Works Cited

  1. Euripides. Medea and Other Plays. Trans. John Davie. Penguin Books, 2002. Print.
  2. Floyd, Phylis. “Documentary Evidence for the Availability of Japanese Imagery in Europe in Nineteenth-Century Public Collections.” The Art Bulletin, vol. 68, no. 1, 1986, pp. 105-141. JSTOR. www.jstor.org/stable/3050868
  3. Goketsu Jiraiya. Shojo Makino. 1921. IMDB. 2017. http://www.imdb.com/title/tt0488015
  4. Griffis, William Elliot. The Fire-fly’s lover and other Fairy Tales of old Japan. London: Palala Press. 2015. Print.
  5. Harkins, William E. “JAPANESE ANIMAL PRINTS”. Impressions, no. 15, 1989. JSTOR, www.jstor.org/stable/42597745
  6. Hiroshige, Utagawa. Mokuboji Temple, Uchigawa Inlet, Gozensaihata, No. 92 from One Hundred Famous views of Edo. 1857, Brooklyn Museum, Brooklyn. 30.1478.92.
  7. Jakuchu, Ito. White Plum Blossoms in Moonlight. 1716- 1800, Japanese Hanging scrolls.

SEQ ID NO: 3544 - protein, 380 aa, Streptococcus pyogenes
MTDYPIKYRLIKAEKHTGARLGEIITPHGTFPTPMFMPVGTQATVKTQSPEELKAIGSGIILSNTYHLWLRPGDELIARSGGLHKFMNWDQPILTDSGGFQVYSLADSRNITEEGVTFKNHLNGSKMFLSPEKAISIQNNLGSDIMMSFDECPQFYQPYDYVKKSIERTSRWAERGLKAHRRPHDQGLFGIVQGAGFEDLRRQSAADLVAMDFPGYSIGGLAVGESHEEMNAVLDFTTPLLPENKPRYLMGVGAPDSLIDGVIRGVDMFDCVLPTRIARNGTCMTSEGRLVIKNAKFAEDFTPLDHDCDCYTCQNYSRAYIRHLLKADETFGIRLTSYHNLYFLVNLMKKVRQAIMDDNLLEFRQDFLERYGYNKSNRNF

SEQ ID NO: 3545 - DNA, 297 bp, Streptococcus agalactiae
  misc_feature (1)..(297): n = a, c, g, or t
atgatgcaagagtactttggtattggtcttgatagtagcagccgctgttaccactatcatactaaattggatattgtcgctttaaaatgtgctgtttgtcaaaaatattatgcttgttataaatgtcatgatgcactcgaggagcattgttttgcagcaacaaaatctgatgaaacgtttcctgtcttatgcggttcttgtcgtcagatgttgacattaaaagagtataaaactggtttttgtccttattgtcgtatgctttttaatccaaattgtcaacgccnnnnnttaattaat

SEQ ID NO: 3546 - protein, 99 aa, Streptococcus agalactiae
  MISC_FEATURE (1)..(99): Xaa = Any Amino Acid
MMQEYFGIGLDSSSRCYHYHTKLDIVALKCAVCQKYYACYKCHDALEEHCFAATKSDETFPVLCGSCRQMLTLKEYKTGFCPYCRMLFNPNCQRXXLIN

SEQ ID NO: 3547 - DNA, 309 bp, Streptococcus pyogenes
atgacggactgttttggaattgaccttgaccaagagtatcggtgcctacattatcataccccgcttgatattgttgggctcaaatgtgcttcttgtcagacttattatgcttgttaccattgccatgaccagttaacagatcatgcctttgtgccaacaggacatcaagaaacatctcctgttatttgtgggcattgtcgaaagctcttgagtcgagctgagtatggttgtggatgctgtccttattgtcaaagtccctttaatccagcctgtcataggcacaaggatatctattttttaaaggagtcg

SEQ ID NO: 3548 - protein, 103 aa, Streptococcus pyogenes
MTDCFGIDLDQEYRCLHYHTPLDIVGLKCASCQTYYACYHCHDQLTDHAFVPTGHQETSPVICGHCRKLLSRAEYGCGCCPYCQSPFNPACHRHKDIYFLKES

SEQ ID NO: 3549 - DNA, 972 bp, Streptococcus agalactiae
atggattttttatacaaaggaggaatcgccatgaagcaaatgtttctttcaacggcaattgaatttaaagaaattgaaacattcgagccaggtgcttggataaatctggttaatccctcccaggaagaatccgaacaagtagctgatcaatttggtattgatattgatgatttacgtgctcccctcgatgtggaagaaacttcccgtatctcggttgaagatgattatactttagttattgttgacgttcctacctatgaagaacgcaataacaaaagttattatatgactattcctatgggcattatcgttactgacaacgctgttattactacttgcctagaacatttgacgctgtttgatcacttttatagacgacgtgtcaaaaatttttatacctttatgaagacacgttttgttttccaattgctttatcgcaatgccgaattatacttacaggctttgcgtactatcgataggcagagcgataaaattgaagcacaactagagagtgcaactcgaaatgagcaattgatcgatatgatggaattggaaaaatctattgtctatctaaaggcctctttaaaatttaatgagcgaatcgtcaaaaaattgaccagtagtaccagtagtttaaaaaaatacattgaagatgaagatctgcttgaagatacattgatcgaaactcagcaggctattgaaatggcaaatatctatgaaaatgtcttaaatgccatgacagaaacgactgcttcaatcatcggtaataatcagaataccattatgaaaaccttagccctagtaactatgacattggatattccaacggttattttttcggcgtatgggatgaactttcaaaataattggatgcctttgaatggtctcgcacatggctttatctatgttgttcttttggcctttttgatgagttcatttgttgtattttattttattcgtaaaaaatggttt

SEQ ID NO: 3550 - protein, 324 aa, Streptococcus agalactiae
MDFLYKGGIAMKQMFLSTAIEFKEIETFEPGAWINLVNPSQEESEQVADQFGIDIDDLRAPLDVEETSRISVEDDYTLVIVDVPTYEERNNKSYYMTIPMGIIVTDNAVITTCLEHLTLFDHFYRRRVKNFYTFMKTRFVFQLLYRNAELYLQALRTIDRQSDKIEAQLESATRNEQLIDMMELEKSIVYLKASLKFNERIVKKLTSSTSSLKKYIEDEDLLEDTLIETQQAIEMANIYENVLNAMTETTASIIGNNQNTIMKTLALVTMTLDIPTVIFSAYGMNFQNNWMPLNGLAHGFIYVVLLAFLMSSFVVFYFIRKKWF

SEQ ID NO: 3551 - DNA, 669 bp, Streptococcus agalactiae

8. Komatsu, Hiroshi. “From Natural Colour to the Pure Motion Picture Drama: The Meaning of Tenkatsu Company in the 1910s of Japanese Film History.” Film History, vol.7, no. 1, 1995, pp. 69-86. JSTOR, www.jstor.org/stable/3815161
  9. Mackenzie, Donald Alexander. Myths of China and Japan. London: The Gresham Publishing Company Ltd. 2016, pp. 26-32. Print.
  10. Morris, Williams. The Life and Death of Jason: a poem. Createspace Independent Pub. 2017, pp. 508-510. Print.
  11. Olcott, William Taylor. Sun Lore of All Ages: A Collection of Myths and Legends Concerning the Sun and Its Worship. New York and London: G.P Putnam’s Sons, 1914, pp. 119- 141. Print.